As a first step, our University-wide Green Building Standards were updated in 2014 to include healthy material requirements for the disclosure of health and environmental impacts of products that are used on campus in order to help us assess opportunities to understand the community’s exposure to potential toxins. That same year, Harvard issued its first Sustainability Plan and included Health and Well-being as one of its five areas of focus.
The Office for Sustainability then brought in scientists from Harvard and the Green Science Policy Institute for a series of educational forums attended by over 100 key stakeholders across campus that provided an overview of the research proving a health risk from these chemicals of concern and the role individuals can play in reducing exposure.
The 2017 version of the Green Building Standards, now goes beyond just transparency, and optimizes for health by specifically addressing specific classes of chemicals in select building products.
Read the story: Looking indoors to health
healthier building materials academy
In 2016, the Office for Sustainability was awarded an inaugural grant from the President's Administrative Innovation Fund to establish the Healthier Building Materials Academy.
The Academy aims to bring the University's decentralized project management and purchasing community together with external vendors to create a pathway for reducing the use of chemicals of concern in the University's built environment.
In collaboration with our public health and engineering faculty and facilities teams, the Office for Sustainability is partnering with ten capital projects and many smaller projects across our Schools and departments to identify, purchase, and pilot healthier materials as transparency related to chemicals of concern increases.
chemical flame retardant-free pledge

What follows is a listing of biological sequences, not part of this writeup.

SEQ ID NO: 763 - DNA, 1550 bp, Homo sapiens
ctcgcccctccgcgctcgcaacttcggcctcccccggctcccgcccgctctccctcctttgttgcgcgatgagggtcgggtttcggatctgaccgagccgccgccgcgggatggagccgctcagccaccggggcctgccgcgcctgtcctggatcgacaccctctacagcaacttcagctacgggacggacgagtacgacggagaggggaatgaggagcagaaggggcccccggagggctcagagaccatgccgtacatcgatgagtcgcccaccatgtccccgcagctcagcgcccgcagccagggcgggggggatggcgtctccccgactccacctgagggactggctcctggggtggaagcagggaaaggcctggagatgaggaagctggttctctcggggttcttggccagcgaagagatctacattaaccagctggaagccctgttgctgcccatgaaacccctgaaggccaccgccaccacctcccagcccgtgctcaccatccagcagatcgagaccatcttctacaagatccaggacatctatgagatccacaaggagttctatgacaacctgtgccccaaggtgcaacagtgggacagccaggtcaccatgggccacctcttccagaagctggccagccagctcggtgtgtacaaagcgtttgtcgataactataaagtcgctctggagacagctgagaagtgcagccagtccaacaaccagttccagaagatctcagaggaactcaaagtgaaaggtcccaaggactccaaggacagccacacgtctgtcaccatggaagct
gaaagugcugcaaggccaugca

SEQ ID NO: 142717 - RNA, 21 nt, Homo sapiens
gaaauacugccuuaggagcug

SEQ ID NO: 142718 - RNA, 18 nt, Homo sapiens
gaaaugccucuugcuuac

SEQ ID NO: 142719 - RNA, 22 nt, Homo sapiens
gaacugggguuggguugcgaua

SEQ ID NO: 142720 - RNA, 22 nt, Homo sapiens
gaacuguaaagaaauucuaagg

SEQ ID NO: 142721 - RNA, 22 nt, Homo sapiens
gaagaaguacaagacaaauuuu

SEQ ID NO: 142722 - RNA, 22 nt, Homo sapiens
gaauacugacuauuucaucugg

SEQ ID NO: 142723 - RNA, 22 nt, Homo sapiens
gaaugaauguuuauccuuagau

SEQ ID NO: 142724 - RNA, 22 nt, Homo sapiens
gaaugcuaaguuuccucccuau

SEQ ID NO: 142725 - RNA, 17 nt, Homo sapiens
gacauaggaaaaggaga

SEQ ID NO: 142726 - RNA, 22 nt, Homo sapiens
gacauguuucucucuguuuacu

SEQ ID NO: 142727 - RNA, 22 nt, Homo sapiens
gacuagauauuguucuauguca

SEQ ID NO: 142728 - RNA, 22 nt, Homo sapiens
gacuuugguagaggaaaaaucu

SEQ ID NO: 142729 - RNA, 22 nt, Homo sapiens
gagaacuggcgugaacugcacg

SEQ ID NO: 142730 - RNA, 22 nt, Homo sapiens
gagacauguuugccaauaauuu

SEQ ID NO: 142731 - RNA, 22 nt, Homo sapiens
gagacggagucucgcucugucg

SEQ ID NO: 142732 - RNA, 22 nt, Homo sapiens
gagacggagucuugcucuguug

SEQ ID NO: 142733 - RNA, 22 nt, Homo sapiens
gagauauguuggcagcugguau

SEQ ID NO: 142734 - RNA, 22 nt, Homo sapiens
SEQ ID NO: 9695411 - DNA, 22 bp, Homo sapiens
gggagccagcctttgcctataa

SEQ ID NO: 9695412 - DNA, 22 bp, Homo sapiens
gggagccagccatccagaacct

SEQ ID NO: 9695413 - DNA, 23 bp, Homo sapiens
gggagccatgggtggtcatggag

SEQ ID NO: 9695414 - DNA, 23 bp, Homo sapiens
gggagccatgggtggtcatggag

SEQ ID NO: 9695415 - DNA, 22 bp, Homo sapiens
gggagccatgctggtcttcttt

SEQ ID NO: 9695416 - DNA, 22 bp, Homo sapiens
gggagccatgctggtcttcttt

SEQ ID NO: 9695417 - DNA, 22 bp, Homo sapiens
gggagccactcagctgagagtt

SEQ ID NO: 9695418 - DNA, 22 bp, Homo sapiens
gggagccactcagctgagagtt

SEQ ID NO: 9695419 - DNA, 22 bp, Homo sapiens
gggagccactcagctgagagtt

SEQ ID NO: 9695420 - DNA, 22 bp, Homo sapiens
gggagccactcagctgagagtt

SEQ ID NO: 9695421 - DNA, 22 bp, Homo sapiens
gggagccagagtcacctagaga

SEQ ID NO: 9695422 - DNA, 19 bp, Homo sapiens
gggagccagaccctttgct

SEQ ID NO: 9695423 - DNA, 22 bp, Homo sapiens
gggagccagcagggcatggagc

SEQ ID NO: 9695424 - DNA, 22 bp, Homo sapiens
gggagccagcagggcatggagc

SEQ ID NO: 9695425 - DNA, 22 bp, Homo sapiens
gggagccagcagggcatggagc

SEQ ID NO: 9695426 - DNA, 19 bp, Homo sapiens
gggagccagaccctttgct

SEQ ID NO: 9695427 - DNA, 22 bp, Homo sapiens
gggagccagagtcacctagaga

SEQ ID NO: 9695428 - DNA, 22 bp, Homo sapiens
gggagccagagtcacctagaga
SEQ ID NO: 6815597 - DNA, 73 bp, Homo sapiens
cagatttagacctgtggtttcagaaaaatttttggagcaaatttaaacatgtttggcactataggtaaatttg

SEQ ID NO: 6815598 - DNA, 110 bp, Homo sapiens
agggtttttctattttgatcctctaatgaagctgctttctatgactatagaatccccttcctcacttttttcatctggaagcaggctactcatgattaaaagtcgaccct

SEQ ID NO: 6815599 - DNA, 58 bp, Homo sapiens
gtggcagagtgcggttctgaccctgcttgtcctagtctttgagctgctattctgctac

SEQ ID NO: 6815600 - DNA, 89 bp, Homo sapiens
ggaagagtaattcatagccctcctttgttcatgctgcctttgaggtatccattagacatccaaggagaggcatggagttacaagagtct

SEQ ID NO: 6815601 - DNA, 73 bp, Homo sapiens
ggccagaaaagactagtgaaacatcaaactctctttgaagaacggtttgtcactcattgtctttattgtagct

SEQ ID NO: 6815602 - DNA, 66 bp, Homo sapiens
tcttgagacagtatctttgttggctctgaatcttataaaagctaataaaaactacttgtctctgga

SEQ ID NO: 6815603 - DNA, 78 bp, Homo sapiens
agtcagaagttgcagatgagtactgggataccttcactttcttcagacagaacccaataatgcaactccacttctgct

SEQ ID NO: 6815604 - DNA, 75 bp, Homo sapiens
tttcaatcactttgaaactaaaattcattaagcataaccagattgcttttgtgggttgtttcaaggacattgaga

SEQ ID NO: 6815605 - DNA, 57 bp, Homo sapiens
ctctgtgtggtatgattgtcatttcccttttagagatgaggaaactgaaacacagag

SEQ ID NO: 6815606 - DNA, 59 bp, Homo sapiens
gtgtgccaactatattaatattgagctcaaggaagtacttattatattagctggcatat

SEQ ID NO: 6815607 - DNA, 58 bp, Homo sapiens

In November 2015, Harvard became the first university to sign a national pledge stating a preference for purchasing chemical flame retardant-free furniture. Other signatories to the pledge include Kaiser Permanente, Facebook, Blue Cross Blue Shield Massachusetts, and Autodesk.
The Office for Sustainability is partnering with Harvard capital project and planning teams, Strategic Procurement, and Environmental Health and Safety to identify and source chemical flame retardant-free furniture across the University, and in accordance with regulations.
Transforming the market by partnering with industry leaders
By demanding transparency and holding our vendors accountable we are working together with peer institutions and the private sector to change the landscape.
In 2016, Harvard signed on as a founding partner of Portico, a new tool for healthier materials analysis, developed by Google and the non-profit Healthy Building Network.
Healthy Green Campus
In 2014, in collaboration with Harvard T.H. Chan School of Public Health, Center for Health and the Global Environment researchers, and the Silent Spring Institute, the Office for Sustainability helped found the Healthy Green Campus project to better understand the prevalence of harmful chemicals on campus and to make health an integral part of sustainability practices on college campuses.